86 minutes.  © 2019 by Harvey Karten, Member, New York Film Critics Online

Story – B
Acting – B
Technical –  B-
Overall – B

TRANSIT – movie review

Music Box Films
Reviewed for & by: Harvey Karten
Director: Christian Petzold
Screenwriter: Christian Petzold, based on the novel by Anna Seghers
Cast: Franz Rogowski, Paula Beer, Godehard Giese, Lilien Batman, Maryam Zaree
Screened at: Critics’ link, NYC, 2/15/19
Opens: March 1, 2019

click for larger (if applicable)

The first lesson that a teacher gives in introducing the story of humankind’s past is that “History repeats itself.” Throughout the course, whether U.S. history, European, Asian, African or what-have-you, this slogan, if you will, will pop up in quite a few lessons. And why not? People are from different countries, with various cultures, but wherever you may be, what is happening to you right now has occurred to people last year a decade ago, and centuries past. Conquests take place, occupation soldiers solidify their rule. Economics goes boom and go bust. The cycle of life assures us that whatever Mr. Trump does now has been done by presidents in the past. OK maybe that’s an exception. Now Christian Petzold gives us a film that has us visualize such a cycle. He has stated that he could have made a movie set in Europe in 1942 but chooses to make the occupation, the anxieties of the people trying to escape, the brutality of the conquering regime, all the stuff that took place with a vengeance in the early forties in Europe is occurring today. Does ISIS ring a bell? The Syrian Civil War that has caused hundreds of thousands to flee to refuges willing to accept them?

The characters are in good hands with Christian Petzold in the director’s chair, since in 2014 his film “Phoenix,” about a disfigured Holocaust survivor, a Jewish woman eager to discover whether her husband betrayed her hiding place during the German occupation, gets vengeance in the final two or three minutes. Those moments are a gem, a classic, inflicting harm on the weasel without having even to touch him. Now, as in “Phoenix,” Petzold deals with life, with death, and with the ghosts that flow between these two extremes. Petzold, then, takes the chaos in Europe during the early forties, transposes it to the near future, and shows how the Nazi “cleansing” then is leading to a similar fate now, as many in population are desperate to escape to Mexico, to Spain, to the U.S. and anywhere else that is far away from the front. It’s a doozy of a picture.

Petzold’s central character, Georg (Franz Rogowski), is a German refugee fleeing from the ongoing troops occupying one French city after another. He has no papers but as luck would have it he has picked up the identity of a novelist, Weidel, who has committed suicide in his fleebag hotel, leaving the bathtub flooded with his blood. He uses the papers to negotiate with the Mexican consul in Marseilles, where only those who can prove that they’re on their way out of the country are allowed to stay in the hotels. He—in transit, so to speak, between the old world and the current one–seeks what else? A transit visa. Then, complications. The wife of the novelist feels guilty that she left him and is now taken with refugee Richard (Godehard Giese), a doctor. In fact every refugee has a story to tell, slim parts of which Georg hears while waiting on line in a consulate. Further complicating the plot, Georg becomes fond of a boy named Driss (Lilien Batman) with whom he plays a quick pickup game of soccer.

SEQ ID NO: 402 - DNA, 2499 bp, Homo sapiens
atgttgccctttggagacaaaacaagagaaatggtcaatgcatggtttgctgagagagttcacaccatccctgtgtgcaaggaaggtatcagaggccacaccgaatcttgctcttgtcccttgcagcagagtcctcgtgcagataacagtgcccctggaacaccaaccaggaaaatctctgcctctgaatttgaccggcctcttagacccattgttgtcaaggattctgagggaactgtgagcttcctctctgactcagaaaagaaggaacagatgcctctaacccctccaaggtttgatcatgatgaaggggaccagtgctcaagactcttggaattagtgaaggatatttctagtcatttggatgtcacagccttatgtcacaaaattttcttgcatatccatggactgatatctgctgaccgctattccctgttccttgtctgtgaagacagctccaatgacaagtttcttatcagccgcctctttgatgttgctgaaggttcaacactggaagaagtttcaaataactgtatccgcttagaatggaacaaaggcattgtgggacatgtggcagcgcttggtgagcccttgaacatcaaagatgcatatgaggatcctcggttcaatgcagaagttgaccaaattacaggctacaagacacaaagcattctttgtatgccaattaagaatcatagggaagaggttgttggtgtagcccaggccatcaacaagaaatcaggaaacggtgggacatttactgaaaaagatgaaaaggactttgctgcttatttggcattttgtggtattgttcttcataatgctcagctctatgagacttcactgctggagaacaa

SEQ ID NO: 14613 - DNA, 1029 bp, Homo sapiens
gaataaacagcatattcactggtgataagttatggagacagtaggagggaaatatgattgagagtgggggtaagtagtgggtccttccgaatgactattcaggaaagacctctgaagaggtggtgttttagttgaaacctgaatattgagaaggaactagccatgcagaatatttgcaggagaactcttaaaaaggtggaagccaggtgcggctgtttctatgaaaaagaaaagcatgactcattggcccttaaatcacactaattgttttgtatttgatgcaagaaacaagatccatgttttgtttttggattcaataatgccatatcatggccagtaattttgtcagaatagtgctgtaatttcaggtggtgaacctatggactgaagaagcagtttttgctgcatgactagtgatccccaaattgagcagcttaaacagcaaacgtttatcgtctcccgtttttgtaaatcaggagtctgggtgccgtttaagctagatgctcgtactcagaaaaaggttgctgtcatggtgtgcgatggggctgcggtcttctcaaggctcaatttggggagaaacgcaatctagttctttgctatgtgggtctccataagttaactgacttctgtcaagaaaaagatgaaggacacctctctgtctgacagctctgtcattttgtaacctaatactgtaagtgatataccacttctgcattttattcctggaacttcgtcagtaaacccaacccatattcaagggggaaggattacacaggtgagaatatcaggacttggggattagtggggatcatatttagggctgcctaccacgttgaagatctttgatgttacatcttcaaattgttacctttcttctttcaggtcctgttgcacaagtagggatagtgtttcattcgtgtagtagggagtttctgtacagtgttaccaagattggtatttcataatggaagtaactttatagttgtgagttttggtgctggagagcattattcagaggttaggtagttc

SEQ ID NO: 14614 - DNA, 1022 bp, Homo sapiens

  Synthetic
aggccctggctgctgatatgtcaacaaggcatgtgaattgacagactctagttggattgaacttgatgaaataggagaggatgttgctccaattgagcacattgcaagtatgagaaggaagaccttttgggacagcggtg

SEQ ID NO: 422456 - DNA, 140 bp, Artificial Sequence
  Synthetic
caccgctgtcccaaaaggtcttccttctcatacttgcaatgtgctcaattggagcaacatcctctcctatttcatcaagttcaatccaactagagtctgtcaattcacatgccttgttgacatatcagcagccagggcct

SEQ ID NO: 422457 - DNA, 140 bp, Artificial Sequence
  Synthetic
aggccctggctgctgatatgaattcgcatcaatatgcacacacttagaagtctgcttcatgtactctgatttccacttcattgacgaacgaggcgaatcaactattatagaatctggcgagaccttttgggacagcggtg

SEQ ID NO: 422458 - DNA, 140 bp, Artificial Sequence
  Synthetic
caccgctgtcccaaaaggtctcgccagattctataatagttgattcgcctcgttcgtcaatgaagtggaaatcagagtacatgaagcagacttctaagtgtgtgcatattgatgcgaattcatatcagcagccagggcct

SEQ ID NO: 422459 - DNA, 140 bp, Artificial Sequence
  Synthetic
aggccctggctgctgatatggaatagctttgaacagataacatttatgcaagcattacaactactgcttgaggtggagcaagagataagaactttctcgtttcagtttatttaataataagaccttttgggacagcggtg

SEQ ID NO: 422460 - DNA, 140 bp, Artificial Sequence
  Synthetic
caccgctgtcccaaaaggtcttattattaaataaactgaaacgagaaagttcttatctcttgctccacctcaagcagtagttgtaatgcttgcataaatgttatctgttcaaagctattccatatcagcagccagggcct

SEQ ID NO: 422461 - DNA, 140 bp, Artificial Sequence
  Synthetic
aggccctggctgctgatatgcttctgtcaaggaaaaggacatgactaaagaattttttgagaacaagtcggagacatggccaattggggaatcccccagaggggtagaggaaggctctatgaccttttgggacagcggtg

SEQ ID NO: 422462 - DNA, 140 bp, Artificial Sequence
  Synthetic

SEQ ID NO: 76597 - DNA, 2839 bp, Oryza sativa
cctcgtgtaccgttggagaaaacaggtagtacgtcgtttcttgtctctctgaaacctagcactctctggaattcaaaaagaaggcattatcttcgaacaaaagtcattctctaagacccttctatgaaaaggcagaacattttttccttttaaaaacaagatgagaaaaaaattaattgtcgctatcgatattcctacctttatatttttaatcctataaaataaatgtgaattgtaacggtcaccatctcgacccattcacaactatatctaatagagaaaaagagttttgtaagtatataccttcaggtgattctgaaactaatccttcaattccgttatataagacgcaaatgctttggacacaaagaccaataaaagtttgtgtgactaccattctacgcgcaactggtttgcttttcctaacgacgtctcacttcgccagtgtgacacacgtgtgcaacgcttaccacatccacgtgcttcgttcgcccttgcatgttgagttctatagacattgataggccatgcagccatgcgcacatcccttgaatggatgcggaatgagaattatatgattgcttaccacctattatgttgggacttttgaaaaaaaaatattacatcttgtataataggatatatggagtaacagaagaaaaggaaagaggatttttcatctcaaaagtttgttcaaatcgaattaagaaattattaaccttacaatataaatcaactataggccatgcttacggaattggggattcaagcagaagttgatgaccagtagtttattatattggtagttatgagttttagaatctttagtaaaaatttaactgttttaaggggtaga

Getting back to our theme of history’s repeating itself, the looks of Marseilles are such that had we not known when the action takes place, we would not be able to figure the year. Presumably if a Burger King appeared in the set, takes would wind up on the floor. “Transit” is adapted from the novel by Anna Seghers (1900-1983) published in 1942 and now reprinted in English. The book is from the hands of a woman born into an upper-class Jewish family in Mainz, Germany, who fled (surprise!) from Marseilles to Mexico to escape the Nazis. Director Petzold, who notes that the Nazis destroyed German culture with its propaganda, herein uses the character of Georg to assert the fate of the refugee, always moving around, rootless and lonely until he meets the woman he loves since with the novelist’s identity he has become as centered as one can be in his situation.

The film, which is in German and French with English subtitles, is one of those works that reward viewers who have the patience to allow the different fragments of the story to become solidified. Did I say reward? Yes I did.

104 minutes. © 2019 by Harvey Karten, Member, New York Film Critics Online

Story – B+
Acting – A-
Technical – B+
Overall – B+